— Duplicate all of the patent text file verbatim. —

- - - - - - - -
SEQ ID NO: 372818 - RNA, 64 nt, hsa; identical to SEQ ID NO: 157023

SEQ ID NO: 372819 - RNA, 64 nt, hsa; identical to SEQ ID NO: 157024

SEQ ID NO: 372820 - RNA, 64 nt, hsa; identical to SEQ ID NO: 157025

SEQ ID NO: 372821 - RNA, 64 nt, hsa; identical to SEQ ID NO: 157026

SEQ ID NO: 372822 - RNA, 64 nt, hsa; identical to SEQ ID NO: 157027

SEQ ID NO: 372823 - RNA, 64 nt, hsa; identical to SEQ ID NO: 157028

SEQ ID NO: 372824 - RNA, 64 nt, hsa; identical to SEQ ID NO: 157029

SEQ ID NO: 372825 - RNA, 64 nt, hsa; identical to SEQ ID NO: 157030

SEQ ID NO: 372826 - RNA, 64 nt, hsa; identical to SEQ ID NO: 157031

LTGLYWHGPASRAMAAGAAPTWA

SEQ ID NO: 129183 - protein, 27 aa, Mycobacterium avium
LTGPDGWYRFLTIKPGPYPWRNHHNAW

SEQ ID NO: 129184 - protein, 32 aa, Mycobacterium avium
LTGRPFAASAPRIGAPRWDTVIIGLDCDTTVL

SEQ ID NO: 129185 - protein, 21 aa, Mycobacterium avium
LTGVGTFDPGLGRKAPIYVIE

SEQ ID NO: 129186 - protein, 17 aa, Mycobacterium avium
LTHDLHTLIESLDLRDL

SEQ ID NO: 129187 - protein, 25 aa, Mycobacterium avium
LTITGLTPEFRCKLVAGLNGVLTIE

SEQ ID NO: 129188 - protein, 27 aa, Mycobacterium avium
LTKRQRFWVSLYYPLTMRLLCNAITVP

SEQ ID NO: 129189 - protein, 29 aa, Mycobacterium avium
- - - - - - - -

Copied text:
SEQ ID NO: 372818 - RNA, 64 nt, hsa; identical to SEQ ID NO: 157023

SEQ ID NO: 372819 - RNA, 64 nt, hsa; identical to SEQ ID NO: 157024

SEQ ID NO: 372820 - RNA, 64 nt, hsa; identical to SEQ ID NO: 157025

SEQ ID NO: 372821 - RNA, 64 nt, hsa; identical to SEQ ID NO: 157026

SEQ ID NO: 372822 - RNA, 64 nt, hsa; identical to SEQ ID NO: 157027

SEQ ID NO: 372823 - RNA, 64 nt, hsa; identical to SEQ ID NO: 157028

SEQ ID NO: 372824 - RNA, 64 nt, hsa; identical to SEQ ID NO: 157029

SEQ ID NO: 372825 - RNA, 64 nt, hsa; identical to SEQ ID NO: 157030

SEQ ID NO: 372826 - RNA, 64 nt, hsa; identical to SEQ ID NO: 157031

LTGLYWHGPASRAMAAGAAPTWA

SEQ ID NO: 129183 - protein, 27 aa, Mycobacterium avium
LTGPDGWYRFLTIKPGPYPWRNHHNAW

SEQ ID NO: 129184 - protein, 32 aa, Mycobacterium avium
LTGRPFAASAPRIGAPRWDTVIIGLDCDTTVL

SEQ ID NO: 129185 - protein, 21 aa, Mycobacterium avium
LTGVGTFDPGLGRKAPIYVIE

SEQ ID NO: 129186 - protein, 17 aa, Mycobacterium avium
LTHDLHTLIESLDLRDL

SEQ ID NO: 129187 - protein, 25 aa, Mycobacterium avium
LTITGLTPEFRCKLVAGLNGVLTIE

SEQ ID NO: 129188 - protein, 27 aa, Mycobacterium avium
LTKRQRFWVSLYYPLTMRLLCNAITVP

SEQ ID NO: 129189 - protein, 29 aa, Mycobacterium avium